While enjoying some live funk / R&B music at a local venue last night (with a kick-ass female vocalist fronting the band, I might add), I suggested to my younger companion that we should request a special song for International Women’s Day.
“What’s that?” she asked.
I have tremendous respect for this amazing mom of 7; with her intelligent, inquiring mind, I’m not surprised she asked. I was happy to share. It’s not the first time over the years I’ve introduced another woman (or girl, or entire classroom of young students) to IWD.
International Women’s Day reminds us that human rights for women (such as the right to vote!) are not universal and cannot be taken for granted; they’re hard-won and had to be fought for – have to be fought for as we see how easily stripped away they are, once gained (witness the current and seemingly endless controversy over Roe vs. Wade amongst my southern neighbors).
While strides have been made, we’ve barely begun the fight for recognition of, and equal treatment for women with ADHD. Women, girls, mothers with ADHD and with ADHD kids have our own unique challenges. In spite of this, there is still a profound lack of research and information available to help us find effective ways to unleash our potential.
Coincidentally, it’s the 50th anniversary of Betty Friedan’s famed (or infamous, depending on your perspective) The Feminine Mystique. In brief, in 1963 Friedan fearlessly penned a treatise calling for women to explore options outside their domestic domain.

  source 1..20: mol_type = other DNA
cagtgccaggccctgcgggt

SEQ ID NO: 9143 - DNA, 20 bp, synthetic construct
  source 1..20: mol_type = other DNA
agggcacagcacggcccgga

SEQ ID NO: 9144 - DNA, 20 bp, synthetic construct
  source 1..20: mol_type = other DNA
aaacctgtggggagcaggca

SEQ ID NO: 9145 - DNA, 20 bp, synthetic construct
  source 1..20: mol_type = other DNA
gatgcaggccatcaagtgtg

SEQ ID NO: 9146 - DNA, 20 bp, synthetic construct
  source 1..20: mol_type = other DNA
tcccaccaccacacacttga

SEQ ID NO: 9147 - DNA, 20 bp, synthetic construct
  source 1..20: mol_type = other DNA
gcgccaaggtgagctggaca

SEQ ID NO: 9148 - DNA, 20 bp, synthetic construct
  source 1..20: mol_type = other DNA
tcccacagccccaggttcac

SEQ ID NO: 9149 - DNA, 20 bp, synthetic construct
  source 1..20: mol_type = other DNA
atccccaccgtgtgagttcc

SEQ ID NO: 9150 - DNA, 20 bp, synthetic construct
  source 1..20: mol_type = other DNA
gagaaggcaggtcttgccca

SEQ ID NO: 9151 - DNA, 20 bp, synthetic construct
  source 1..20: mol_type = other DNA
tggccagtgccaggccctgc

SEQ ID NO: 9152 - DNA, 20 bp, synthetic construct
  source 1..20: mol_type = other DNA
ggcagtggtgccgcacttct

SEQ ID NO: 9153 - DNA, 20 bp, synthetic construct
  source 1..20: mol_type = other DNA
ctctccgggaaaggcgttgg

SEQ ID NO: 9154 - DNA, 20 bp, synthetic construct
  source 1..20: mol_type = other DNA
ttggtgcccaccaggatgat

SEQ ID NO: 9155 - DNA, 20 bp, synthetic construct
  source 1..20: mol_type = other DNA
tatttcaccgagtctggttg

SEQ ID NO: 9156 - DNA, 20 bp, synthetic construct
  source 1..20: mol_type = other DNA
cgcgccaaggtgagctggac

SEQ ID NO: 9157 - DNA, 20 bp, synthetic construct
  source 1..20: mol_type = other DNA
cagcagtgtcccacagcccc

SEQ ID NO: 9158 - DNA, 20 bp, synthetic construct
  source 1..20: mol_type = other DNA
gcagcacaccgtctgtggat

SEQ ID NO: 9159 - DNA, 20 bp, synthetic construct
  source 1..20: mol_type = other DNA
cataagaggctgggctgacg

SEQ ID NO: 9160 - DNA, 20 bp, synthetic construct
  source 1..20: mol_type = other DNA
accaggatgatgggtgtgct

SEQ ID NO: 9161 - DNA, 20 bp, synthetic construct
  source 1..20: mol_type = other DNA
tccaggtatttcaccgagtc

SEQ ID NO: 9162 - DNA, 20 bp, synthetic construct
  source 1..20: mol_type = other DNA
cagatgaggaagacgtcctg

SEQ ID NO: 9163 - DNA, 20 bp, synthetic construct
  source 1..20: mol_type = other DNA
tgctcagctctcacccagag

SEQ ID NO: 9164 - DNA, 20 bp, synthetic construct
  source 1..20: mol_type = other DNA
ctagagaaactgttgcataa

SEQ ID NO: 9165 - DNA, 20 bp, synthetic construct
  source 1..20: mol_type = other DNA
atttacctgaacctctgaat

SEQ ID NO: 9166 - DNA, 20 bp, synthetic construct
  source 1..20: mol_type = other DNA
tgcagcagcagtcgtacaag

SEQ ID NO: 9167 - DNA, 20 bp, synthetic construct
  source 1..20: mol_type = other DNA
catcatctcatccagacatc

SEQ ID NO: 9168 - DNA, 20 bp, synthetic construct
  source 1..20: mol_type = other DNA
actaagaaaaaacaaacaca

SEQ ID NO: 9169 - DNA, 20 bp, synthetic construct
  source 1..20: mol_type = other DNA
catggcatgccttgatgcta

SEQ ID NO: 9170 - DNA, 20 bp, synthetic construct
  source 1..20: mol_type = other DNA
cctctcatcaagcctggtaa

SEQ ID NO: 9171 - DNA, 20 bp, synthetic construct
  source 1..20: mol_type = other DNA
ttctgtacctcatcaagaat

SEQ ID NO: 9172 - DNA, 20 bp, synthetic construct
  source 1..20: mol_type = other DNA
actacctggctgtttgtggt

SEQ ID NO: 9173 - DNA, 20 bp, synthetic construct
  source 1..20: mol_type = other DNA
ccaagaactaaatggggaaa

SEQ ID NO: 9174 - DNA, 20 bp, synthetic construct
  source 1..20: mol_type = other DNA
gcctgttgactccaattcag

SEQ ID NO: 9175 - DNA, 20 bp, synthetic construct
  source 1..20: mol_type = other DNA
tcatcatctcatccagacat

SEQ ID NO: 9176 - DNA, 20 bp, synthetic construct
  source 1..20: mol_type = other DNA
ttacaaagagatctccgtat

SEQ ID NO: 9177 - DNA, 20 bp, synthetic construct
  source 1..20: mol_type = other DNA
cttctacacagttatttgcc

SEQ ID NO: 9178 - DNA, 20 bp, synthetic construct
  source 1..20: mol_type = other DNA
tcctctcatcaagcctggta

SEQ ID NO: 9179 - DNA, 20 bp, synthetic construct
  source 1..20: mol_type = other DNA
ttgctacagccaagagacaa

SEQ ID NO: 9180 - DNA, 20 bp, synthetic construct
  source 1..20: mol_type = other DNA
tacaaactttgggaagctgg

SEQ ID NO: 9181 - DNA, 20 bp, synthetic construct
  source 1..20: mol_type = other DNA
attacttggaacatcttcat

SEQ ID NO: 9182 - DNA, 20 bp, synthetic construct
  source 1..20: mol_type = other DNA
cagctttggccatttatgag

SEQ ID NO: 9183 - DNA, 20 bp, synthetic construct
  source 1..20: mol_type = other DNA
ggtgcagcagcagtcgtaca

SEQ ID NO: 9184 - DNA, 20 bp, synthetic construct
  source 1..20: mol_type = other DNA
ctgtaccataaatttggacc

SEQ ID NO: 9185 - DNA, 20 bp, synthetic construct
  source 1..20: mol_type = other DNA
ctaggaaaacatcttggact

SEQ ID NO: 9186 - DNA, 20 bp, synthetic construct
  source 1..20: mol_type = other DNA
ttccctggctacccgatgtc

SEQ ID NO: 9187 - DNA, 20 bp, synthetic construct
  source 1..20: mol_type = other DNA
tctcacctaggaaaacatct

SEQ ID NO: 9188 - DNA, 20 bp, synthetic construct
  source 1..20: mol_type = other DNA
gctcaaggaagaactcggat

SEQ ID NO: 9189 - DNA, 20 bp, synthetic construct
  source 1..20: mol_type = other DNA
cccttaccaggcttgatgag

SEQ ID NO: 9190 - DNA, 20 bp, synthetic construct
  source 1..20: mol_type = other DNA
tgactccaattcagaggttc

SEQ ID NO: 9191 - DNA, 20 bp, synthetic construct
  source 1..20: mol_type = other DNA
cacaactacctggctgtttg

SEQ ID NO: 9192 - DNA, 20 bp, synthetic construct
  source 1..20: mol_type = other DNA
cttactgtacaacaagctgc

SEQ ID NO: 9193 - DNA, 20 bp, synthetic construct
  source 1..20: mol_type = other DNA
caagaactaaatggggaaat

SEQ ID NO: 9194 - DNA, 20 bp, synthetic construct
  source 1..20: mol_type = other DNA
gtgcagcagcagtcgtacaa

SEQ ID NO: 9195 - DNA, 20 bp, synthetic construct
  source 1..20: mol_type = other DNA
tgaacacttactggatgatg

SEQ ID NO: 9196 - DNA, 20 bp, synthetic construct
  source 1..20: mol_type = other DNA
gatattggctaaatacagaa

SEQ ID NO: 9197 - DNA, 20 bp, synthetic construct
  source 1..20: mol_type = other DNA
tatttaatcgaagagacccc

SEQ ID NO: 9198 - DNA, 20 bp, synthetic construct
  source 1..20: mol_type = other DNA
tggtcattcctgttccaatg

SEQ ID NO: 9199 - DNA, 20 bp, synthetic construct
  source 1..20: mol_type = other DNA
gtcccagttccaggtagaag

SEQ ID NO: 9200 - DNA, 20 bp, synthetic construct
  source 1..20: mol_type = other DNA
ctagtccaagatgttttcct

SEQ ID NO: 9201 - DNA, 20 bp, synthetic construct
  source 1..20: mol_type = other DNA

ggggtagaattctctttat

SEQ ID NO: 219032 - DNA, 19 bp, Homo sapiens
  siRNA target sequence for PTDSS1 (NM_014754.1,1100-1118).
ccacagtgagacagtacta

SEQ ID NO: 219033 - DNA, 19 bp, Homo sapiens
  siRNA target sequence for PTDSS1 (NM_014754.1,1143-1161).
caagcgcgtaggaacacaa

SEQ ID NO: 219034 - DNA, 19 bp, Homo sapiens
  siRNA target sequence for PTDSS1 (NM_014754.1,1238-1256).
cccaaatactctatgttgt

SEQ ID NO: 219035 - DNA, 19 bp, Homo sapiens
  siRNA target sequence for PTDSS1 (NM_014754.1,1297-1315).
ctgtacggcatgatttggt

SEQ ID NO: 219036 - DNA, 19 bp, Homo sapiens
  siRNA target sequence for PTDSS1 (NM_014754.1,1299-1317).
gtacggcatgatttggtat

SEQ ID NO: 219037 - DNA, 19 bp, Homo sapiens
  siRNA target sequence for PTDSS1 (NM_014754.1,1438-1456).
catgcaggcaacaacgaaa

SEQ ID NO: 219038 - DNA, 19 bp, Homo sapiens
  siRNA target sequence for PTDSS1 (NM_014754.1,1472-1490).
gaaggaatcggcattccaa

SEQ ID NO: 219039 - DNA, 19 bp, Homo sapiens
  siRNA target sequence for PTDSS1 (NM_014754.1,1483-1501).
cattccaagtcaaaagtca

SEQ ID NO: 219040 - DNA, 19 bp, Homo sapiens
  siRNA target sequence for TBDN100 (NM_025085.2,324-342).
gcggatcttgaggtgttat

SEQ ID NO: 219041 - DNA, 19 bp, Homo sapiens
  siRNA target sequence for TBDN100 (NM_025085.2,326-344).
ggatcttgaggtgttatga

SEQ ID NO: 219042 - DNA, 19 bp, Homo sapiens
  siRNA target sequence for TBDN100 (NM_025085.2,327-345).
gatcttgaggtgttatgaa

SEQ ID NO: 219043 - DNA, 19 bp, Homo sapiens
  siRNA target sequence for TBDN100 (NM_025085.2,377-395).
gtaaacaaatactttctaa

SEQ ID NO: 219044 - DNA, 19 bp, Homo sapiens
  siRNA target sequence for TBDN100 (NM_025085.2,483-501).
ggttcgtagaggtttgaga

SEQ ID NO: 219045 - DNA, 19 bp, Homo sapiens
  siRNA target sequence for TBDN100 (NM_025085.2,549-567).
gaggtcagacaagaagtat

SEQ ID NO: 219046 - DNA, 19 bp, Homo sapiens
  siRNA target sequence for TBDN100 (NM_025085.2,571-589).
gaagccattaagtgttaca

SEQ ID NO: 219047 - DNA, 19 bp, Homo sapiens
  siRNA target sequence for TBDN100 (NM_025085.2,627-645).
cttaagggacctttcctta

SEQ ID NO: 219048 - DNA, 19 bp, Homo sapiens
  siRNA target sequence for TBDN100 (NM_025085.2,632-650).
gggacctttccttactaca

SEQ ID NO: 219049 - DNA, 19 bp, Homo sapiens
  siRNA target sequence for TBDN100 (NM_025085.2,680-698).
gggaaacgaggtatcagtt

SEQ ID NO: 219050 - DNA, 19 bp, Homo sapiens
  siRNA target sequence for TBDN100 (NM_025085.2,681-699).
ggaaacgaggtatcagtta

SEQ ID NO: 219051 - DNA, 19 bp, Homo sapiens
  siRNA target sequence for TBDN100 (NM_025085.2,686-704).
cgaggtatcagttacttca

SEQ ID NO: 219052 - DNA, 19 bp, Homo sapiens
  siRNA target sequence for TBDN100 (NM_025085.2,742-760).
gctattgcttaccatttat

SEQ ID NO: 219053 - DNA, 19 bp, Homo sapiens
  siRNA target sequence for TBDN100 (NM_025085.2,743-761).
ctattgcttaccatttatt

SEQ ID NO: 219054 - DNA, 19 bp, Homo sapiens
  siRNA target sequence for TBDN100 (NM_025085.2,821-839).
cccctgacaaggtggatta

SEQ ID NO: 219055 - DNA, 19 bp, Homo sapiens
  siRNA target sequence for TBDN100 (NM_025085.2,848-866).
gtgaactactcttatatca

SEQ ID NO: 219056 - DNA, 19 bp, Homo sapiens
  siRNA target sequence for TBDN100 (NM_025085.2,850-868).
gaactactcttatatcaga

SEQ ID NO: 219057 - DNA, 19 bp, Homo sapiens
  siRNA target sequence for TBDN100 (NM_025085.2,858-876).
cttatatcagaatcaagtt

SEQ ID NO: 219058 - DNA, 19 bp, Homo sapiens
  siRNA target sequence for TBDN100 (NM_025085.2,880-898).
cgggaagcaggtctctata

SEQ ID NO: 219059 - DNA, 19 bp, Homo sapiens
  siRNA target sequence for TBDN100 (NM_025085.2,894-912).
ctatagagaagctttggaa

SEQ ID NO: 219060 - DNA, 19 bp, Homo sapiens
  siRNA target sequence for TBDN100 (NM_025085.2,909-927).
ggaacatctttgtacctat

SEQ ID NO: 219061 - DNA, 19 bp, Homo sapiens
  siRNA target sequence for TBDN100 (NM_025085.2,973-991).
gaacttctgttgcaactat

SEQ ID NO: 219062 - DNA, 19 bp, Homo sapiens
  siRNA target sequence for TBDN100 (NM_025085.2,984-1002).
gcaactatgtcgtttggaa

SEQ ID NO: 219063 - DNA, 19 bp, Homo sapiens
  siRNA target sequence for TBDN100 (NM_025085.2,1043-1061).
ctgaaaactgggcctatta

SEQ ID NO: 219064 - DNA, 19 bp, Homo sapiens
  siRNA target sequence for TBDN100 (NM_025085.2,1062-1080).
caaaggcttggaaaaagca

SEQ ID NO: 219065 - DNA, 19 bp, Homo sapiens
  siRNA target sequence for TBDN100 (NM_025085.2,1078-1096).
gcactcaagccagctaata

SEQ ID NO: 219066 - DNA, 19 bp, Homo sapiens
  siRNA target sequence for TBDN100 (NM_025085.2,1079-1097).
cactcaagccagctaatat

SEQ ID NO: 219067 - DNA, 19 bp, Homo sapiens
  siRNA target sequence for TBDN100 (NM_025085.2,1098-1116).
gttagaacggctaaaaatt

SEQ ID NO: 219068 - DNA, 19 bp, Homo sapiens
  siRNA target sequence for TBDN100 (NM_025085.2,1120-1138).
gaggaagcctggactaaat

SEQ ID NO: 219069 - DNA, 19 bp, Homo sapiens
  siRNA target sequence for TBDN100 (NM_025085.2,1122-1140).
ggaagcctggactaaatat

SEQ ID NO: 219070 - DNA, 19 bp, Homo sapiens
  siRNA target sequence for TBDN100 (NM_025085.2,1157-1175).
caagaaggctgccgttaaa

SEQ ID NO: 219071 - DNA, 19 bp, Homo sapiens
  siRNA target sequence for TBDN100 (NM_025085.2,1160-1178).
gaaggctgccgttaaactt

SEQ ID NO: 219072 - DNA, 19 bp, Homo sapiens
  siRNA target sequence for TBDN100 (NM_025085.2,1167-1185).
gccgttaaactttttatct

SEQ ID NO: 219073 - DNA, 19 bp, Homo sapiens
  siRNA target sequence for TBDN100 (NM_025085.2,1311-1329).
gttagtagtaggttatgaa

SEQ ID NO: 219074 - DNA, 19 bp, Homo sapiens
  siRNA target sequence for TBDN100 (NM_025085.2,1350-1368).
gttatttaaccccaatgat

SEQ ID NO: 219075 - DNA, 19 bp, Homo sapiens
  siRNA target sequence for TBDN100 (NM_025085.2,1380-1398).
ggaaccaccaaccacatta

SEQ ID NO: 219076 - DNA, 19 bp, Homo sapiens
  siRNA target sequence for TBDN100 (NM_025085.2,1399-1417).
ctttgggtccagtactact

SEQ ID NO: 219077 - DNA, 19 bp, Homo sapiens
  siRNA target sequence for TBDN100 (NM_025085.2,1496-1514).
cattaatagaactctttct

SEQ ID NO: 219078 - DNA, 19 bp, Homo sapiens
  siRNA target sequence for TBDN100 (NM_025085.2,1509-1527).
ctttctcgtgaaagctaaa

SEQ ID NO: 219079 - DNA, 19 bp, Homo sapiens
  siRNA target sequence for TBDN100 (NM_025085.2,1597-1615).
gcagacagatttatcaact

Was Friedan ahead of her time? Of course – even more than we realized.
As a woman with late-diagnosed ADHD, I’ve encountered innumerable women like me for whom living up to the traditional feminine mandate of skilful hearth and home management was not only boring and less than completely fulfilling (similar to the “housewives” described by Friedan), but stressful and ultimately impossible.
With our unique challenges, and with (for many of us) our unconventional priorities, goals and dreams, if Friedan were writing today she might well include a chapter exclusively devoted to unshackling women with ADHD from these societal expectations.
Not that there’s anything wrong with female domestic competence and artistry; I immensely admire my more talented sisters – I just do not aspire to their talents. I have my own.
“The only way for a woman, as for a man, to find herself, to know herself as a person, is by creative work of her own.”
- Betty Friedan, The Feminine Mystique
Perhaps this is even more so for the woman with ADHD.
Just as Friedan tries to open the doors to less constricted roles for women, so too – 50 years later! – do we need to finally blast apart that lingering vestige of narrowly defined pursuits rubber-stamped for women. Ultimately, this view has continued, globally, to rob us of the tremendous potential we women – including women with different brains – have to contribute to our communities.
Daily, I’m encouraged, emboldened, and inspired by many incredible women with ADHD. Using humor, integrity, intellect, raw honesty, boldness and bravery, these women are dedicated to shining a light on our lives. In doing so, they build pathways to understanding, support, and success for themselves, each other and to future generations of girls with ADHD.
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Last reviewed: 8 Mar 2013